I. What is the freedom of the will or free power of choice?

The term freedom, or liberty, sometimes signifies a relation, power or right, be it the ordering or disposing of a person or thing, made by the will of a certain person, or by nature, for the purpose of acting with one's own choice, or from fear according to just laws, or the order which is in harmony with the nature of man; for the purpose of enjoying those benefits which are fit and proper for us, without any prohibition and restraint; and for the purpose of being relieved from enduring the wants and burdens which are not peculiar to our nature. This may be termed a freedom from bondage and misery, and is opposed to slavery. So God is most free, because he is bound to no one: so the Jews and Romans were free, not being bound by foreign governments and burdens: so a state, or city is free from tyranny and servitude, whilst in the enjoyment of civil liberty: so we, being justified by faith, are through Christ freed from the wrath of God, the curse of the law, and the ceremonies instituted by Moses. But this signification of liberty does not properly belong to this discussion of the freedom of the will; because it is evident, and admitted by all, that we are the servants of God, and that the law binds us either to obedience, or punishment. There are also many things which our will chooses freely, which it nevertheless has not the power or ability to perform.

Secondly, freedom is opposed to constraint, and is a quality of the will, or a natural power of an intelligent creature, concurring with the will; that is, it is the power of choosing or refusing, of its own accord, and without any constraint, an object presented by the understanding, the nature of the will remaining the same, and being free to choose this or that, or to defer any action it may see fit, just as a man may be willing to walk, or not to walk. This is to act upon mature deliberation, which is the method of acting peculiar to the will.
This freedom of will belongs to God, angels, and men; and, when considered in relation to them, is called free power of choice. For that is said to be free which is endowed with this power, or liberty of willing or not willing, whilst the power of choice is the will itself, as it follows or rejects the judgment of the mind in the choice which it makes; for it comprehends both faculties of the mind, viz: the judgment and the will.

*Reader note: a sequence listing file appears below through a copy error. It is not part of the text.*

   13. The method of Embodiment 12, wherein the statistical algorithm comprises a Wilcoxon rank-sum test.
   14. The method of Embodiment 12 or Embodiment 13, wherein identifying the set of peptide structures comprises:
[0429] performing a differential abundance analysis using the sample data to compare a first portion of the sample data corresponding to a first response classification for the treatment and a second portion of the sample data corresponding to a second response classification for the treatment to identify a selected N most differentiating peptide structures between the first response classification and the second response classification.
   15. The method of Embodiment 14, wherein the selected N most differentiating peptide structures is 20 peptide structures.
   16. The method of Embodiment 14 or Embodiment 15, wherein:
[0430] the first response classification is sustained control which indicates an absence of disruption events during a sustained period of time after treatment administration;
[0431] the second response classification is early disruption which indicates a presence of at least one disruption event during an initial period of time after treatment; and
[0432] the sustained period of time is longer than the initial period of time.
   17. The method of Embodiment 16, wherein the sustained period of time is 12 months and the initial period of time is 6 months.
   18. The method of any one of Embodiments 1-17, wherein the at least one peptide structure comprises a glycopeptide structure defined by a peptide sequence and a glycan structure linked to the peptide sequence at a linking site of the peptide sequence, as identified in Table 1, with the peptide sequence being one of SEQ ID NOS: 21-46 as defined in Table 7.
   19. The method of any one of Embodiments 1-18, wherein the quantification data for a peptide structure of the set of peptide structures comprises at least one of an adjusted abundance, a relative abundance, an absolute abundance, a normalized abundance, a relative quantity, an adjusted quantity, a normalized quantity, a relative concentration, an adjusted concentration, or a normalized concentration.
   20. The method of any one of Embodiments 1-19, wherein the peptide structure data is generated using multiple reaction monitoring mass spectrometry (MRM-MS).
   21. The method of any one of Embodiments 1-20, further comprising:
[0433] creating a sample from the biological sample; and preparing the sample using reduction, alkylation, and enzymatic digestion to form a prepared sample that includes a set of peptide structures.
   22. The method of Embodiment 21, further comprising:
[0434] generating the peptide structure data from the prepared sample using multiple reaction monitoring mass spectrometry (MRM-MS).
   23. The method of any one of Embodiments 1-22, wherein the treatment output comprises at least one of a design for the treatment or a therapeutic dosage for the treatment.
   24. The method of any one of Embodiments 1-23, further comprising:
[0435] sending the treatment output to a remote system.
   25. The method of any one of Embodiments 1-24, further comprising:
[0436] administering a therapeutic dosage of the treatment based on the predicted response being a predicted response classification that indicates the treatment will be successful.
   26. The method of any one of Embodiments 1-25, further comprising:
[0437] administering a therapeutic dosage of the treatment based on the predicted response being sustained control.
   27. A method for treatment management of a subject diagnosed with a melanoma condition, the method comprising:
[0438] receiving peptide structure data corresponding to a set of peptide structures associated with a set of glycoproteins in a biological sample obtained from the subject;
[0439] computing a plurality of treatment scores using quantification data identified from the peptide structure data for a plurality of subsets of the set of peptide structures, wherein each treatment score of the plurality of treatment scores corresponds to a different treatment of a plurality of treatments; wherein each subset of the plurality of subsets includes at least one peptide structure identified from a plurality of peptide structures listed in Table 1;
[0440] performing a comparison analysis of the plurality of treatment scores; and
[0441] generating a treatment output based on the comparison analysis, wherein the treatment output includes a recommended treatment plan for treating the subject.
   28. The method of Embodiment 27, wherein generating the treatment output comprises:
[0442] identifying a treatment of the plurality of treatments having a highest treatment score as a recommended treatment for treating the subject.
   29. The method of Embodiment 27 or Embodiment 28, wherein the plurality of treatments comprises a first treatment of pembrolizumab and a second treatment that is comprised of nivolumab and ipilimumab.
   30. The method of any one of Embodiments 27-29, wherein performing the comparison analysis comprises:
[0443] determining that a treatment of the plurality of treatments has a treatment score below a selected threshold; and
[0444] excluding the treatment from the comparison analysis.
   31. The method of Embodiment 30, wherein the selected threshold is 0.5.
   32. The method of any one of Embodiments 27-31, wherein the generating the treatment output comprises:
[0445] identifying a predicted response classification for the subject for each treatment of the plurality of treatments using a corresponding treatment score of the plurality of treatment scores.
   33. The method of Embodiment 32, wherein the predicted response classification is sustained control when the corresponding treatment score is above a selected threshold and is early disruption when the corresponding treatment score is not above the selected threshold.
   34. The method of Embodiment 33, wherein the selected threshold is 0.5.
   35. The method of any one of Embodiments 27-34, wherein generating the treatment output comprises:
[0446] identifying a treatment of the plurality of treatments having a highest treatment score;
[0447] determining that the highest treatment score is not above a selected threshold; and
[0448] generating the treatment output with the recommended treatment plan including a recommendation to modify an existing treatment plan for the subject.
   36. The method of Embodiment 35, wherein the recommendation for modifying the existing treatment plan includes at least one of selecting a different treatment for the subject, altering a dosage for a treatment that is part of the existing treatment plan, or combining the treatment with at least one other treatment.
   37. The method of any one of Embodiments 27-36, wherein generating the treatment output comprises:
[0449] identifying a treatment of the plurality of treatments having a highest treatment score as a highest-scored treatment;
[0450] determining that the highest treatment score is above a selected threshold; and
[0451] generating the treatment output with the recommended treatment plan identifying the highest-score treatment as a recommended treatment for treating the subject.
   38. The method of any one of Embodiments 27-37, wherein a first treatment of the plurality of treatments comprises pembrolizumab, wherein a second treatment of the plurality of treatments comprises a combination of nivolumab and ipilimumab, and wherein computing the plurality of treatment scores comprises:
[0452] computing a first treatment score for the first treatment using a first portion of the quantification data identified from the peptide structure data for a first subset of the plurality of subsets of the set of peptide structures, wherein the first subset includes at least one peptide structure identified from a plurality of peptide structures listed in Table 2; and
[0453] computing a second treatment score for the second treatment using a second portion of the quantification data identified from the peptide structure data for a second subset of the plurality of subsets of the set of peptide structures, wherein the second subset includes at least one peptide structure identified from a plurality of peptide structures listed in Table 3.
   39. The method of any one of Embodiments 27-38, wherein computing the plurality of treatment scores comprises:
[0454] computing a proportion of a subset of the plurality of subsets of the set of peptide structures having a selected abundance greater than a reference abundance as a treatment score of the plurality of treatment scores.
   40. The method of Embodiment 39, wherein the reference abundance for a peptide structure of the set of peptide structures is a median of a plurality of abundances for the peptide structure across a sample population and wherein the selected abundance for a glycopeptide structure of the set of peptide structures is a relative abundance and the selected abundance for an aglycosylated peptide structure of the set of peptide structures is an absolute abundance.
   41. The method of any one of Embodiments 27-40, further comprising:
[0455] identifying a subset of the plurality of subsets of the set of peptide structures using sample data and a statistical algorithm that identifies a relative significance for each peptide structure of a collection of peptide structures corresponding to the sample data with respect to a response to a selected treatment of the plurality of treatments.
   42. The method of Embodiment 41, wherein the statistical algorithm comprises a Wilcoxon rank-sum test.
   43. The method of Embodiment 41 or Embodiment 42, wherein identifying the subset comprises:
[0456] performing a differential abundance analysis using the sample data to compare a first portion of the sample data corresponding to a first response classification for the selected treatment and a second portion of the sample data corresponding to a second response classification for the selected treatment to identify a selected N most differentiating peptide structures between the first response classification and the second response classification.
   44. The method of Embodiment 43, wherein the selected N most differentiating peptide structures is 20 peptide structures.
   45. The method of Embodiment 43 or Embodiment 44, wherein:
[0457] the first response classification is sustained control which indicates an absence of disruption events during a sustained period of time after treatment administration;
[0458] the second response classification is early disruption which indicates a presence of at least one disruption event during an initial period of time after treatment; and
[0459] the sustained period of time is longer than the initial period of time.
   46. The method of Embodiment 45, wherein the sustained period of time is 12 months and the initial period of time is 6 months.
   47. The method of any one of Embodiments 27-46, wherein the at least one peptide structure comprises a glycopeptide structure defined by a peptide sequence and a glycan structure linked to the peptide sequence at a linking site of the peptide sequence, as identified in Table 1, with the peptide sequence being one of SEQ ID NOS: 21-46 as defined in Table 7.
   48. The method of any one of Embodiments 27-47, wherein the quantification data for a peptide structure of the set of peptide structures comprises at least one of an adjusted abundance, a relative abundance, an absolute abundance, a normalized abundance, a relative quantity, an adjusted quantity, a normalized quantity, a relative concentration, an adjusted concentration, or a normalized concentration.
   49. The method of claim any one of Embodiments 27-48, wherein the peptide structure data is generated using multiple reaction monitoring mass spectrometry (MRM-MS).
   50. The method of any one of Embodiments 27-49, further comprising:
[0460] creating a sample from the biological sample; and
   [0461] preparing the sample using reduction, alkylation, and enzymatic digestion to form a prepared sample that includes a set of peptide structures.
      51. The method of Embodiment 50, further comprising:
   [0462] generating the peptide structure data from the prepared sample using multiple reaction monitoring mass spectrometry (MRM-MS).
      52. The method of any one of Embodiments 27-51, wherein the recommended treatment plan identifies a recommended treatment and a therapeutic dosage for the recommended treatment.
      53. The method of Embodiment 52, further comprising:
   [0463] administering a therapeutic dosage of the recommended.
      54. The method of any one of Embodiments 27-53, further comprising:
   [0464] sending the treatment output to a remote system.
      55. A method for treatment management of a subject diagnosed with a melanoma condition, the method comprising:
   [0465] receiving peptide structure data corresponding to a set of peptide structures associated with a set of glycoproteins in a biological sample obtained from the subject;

The power of choice is therefore the faculty or power of willing or not willing, of choosing or rejecting an object presented by the understanding, of its own accord, and without any constraint. This faculty is called the power of choice in respect to the mind, which presents objects to the will, to be chosen or rejected; and it is called free in respect to the will following voluntarily and of its own accord, without any constraint, the judgment of the mind. That is called free which is voluntary, and which is opposed to what is involuntary and constrained, but not to that which is necessary; for that which is voluntary may agree and harmonize with what is necessary, but not with what is involuntary, as God and the holy angels are necessarily good, but not involuntarily or constrainedly; but most freely, because they have the beginning and cause of their goodness, which is free will, in themselves. That is said to be constrained which has only an external beginning and cause of its own activity, and not, at the same time, one that is also internal, by which it may move itself to act in this or in that manner.
There is, therefore, such a difference between what is necessary and constrained, as that which exists between what is general and particular. Whatever is constrained is necessary, but not every thing that is necessary is constrained. Hence there is what is called a double necessity--a necessity of immutability and of constraint. The former may exist with what is voluntary, but the latter cannot.

The same distinction also exists between what is free and contingent. Every thing that is free is contingent, but not the opposite. Therefore that which is free is a species of what is contingent, as is also that which is fortuitous and casual.